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How To Teach Your Kid To Apologise?

Along with words like ‘thank you’ and ‘please’, ‘sorry’ is also one of the most important words your little one must learn. Researchers have found that apology is powerful as it can de-escalate conflict, curb retaliation, mend relationships, inspire forgiveness, and even improves health. Learning to apologise is undoubtedly hard to teach your child as they cannot let go of their pride when saying it. At times, they might not just feel that their actions were not appropriate and do not want to say sorry right then and there. So instead of insisting your kid apologise, it is better to give your kid more time to calm down, process their thoughts, and feel genuine remorse. To help you teach your child to apologise, you need to put “sorry” on a standby mode and follow the steps we have compiled in this post when everyone is calm and collected. Read this blog further to know what these steps are!

1. Show your Child How to Apologise the Right Way

When it comes to teaching your child how to apologise correctly, it is always best to start teaching them the different ingredients of apologising because just muttering the word under your breath is not a good apology. Teach your child that while apologising, standing straight and making eye contact is crucial. Encourage your little one to add words to his apology, such as telling the listener what they did wrong to know why they have to apologise.

2. Lose the lecture

When you talk to your child about what they did that requires an apology, there are chances that they might be defensive of their actions. In this case, take some time to let go of the rant about your child’s inappropriate behaviour. Try to replace it with the questions to ensure they understand why you asked them to apologise and why they should not feel embarrassed.

3. Pass on punishment

Sending your kid to their room or making them sit alone in a corner might be an easy fit, but it does not really solve the problem. Rather than getting angry at your child’s behaviour or focusing on punishment, take a deep breath and look for a solution to fix the situation. The best way to do this is to ask, “What could you do to make it right? Remember, a verbal apology is always a great start. But since children understand best through actions, it is good to pair it with kindness, such as helping fix what was damaged. Though it may be difficult at first, empathy will gradually develop, and you will feel proud to have raised a child as a responsible individual.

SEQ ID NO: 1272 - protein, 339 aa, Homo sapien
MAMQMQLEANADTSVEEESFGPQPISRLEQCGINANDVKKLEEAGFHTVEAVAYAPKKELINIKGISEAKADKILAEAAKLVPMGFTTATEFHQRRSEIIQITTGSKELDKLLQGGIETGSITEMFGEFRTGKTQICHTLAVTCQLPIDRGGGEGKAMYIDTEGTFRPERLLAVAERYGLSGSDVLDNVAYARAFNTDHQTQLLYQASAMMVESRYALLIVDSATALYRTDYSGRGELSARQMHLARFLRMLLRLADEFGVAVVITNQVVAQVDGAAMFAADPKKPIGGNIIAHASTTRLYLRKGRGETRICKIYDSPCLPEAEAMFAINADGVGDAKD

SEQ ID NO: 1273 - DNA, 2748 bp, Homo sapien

4. Model It

Sometimes problem-solving and apologising are just too difficult for young children to figure out. Show them how it is done by role-playing or modelling. Ask questions to support and guide their behaviour but make sure that you do not take over completely. Once you get such things started, your kid might not require much support at all. In many situations, saying sorry is crucial. But remember, it is not just about saying the word “Sorry”; it also has to be meaningful because it will help them throughout their lives.

Conclusion

Everyone makes mistakes. As adults, not always but generally know when, where, why and how to apologise when you hurt or offend them. But your kid is too young to understand this and they do not recognise when a quick sorry with little feeling is necessary. Although, as a parent, it may seem hard to you, putting some much-needed thought and time between the misbehaviour and its apology will lead to a more genuine and sincere apology. Trust us that is actually worth the wait! Eventually, you will find that your kid understands their actions, acts responsibly and develops the empathy needed to learn from their mistakes.